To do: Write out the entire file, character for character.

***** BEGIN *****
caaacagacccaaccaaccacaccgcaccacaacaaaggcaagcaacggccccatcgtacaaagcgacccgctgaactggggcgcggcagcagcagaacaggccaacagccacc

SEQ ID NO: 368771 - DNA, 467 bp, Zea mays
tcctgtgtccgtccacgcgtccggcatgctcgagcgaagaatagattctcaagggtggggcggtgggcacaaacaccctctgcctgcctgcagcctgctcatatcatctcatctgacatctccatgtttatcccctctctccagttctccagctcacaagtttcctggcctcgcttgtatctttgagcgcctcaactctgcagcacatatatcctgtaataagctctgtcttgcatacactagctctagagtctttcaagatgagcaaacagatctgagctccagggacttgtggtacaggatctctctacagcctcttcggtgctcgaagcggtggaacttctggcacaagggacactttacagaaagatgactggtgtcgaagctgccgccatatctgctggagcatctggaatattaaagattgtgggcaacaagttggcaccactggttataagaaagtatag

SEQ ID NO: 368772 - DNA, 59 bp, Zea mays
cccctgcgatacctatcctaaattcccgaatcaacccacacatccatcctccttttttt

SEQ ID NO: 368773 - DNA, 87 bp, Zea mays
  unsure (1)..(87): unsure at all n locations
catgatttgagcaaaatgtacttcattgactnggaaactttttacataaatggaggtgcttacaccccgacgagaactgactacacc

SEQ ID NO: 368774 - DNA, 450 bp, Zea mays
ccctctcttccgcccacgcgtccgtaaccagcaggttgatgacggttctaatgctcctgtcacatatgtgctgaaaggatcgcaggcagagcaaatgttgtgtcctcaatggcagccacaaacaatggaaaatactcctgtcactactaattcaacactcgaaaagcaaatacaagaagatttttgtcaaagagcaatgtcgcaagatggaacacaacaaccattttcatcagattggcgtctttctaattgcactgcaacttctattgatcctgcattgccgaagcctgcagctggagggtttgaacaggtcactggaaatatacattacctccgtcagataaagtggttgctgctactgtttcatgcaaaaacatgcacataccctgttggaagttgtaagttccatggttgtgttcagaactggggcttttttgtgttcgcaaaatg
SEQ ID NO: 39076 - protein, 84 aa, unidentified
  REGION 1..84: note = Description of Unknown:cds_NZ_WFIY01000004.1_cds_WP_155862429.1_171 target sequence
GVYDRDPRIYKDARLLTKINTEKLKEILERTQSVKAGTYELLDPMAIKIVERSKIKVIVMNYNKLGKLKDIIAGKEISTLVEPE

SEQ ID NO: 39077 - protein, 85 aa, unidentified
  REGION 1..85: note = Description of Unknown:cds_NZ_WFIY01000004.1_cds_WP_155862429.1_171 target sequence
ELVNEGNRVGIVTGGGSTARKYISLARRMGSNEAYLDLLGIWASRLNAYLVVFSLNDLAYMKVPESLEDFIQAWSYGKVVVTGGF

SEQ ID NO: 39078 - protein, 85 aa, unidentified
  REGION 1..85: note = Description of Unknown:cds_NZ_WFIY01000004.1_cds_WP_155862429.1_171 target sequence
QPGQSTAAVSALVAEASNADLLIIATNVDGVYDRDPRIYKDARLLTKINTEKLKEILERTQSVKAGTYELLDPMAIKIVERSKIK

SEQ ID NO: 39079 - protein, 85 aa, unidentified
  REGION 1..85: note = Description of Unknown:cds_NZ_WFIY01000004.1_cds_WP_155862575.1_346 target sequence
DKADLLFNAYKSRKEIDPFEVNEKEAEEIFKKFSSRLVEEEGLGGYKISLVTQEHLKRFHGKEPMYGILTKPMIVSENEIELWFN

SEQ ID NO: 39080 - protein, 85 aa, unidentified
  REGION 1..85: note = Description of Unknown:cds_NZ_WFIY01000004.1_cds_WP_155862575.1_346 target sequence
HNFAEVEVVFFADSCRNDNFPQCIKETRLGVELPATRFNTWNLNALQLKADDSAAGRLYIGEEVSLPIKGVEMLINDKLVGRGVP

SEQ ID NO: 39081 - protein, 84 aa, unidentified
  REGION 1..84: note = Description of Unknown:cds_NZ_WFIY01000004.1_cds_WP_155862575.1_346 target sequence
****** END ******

caaacagacccaaccaaccacaccgcaccacaacaaaggcaagcaacggccccatcgtacaaagcgacccgctgaactggggcgcggcagcagcagaacaggccaacagccacc

SEQ ID NO: 368771 - DNA, 467 bp, Zea mays
tcctgtgtccgtccacgcgtccggcatgctcgagcgaagaatagattctcaagggtggggcggtgggcacaaacaccctctgcctgcctgcagcctgctcatatcatctcatctgacatctccatgtttatcccctctctccagttctccagctcacaagtttcctggcctcgcttgtatctttgagcgcctcaactctgcagcacatatatcctgtaataagctctgtcttgcatacactagctctagagtctttcaagatgagcaaacagatctgagctccagggacttgtggtacaggatctctctacagcctcttcggtgctcgaagcggtggaacttctggcacaagggacactttacagaaagatgactggtgtcgaagctgccgccatatctgctggagcatctggaatattaaagattgtgggcaacaagttggcaccactggttataagaaagtatag

SEQ ID NO: 368772 - DNA, 59 bp, Zea mays
cccctgcgatacctatcctaaattcccgaatcaacccacacatccatcctccttttttt

SEQ ID NO: 368773 - DNA, 87 bp, Zea mays
  unsure (1)..(87): unsure at all n locations
catgatttgagcaaaatgtacttcattgactnggaaactttttacataaatggaggtgcttacaccccgacgagaactgactacacc

SEQ ID NO: 368774 - DNA, 450 bp, Zea mays
ccctctcttccgcccacgcgtccgtaaccagcaggttgatgacggttctaatgctcctgtcacatatgtgctgaaaggatcgcaggcagagcaaatgttgtgtcctcaatggcagccacaaacaatggaaaatactcctgtcactactaattcaacactcgaaaagcaaatacaagaagatttttgtcaaagagcaatgtcgcaagatggaacacaacaaccattttcatcagattggcgtctttctaattgcactgcaacttctattgatcctgcattgccgaagcctgcagctggagggtttgaacaggtcactggaaatatacattacctccgtcagataaagtggttgctgctactgtttcatgcaaaaacatgcacataccctgttggaagttgtaagttccatggttgtgttcagaactggggcttttttgtgttcgcaaaatg
SEQ ID NO: 39076 - protein, 84 aa, unidentified
  REGION 1..84: note = Description of Unknown:cds_NZ_WFIY01000004.1_cds_WP_155862429.1_171 target sequence
GVYDRDPRIYKDARLLTKINTEKLKEILERTQSVKAGTYELLDPMAIKIVERSKIKVIVMNYNKLGKLKDIIAGKEISTLVEPE

SEQ ID NO: 39077 - protein, 85 aa, unidentified
  REGION 1..85: note = Description of Unknown:cds_NZ_WFIY01000004.1_cds_WP_155862429.1_171 target sequence
ELVNEGNRVGIVTGGGSTARKYISLARRMGSNEAYLDLLGIWASRLNAYLVVFSLNDLAYMKVPESLEDFIQAWSYGKVVVTGGF

SEQ ID NO: 39078 - protein, 85 aa, unidentified
  REGION 1..85: note = Description of Unknown:cds_NZ_WFIY01000004.1_cds_WP_155862429.1_171 target sequence
QPGQSTAAVSALVAEASNADLLIIATNVDGVYDRDPRIYKDARLLTKINTEKLKEILERTQSVKAGTYELLDPMAIKIVERSKIK

SEQ ID NO: 39079 - protein, 85 aa, unidentified
  REGION 1..85: note = Description of Unknown:cds_NZ_WFIY01000004.1_cds_WP_155862575.1_346 target sequence
DKADLLFNAYKSRKEIDPFEVNEKEAEEIFKKFSSRLVEEEGLGGYKISLVTQEHLKRFHGKEPMYGILTKPMIVSENEIELWFN

SEQ ID NO: 39080 - protein, 85 aa, unidentified
  REGION 1..85: note = Description of Unknown:cds_NZ_WFIY01000004.1_cds_WP_155862575.1_346 target sequence
HNFAEVEVVFFADSCRNDNFPQCIKETRLGVELPATRFNTWNLNALQLKADDSAAGRLYIGEEVSLPIKGVEMLINDKLVGRGVP

SEQ ID NO: 39081 - protein, 84 aa, unidentified
  REGION 1..84: note = Description of Unknown:cds_NZ_WFIY01000004.1_cds_WP_155862575.1_346 target sequence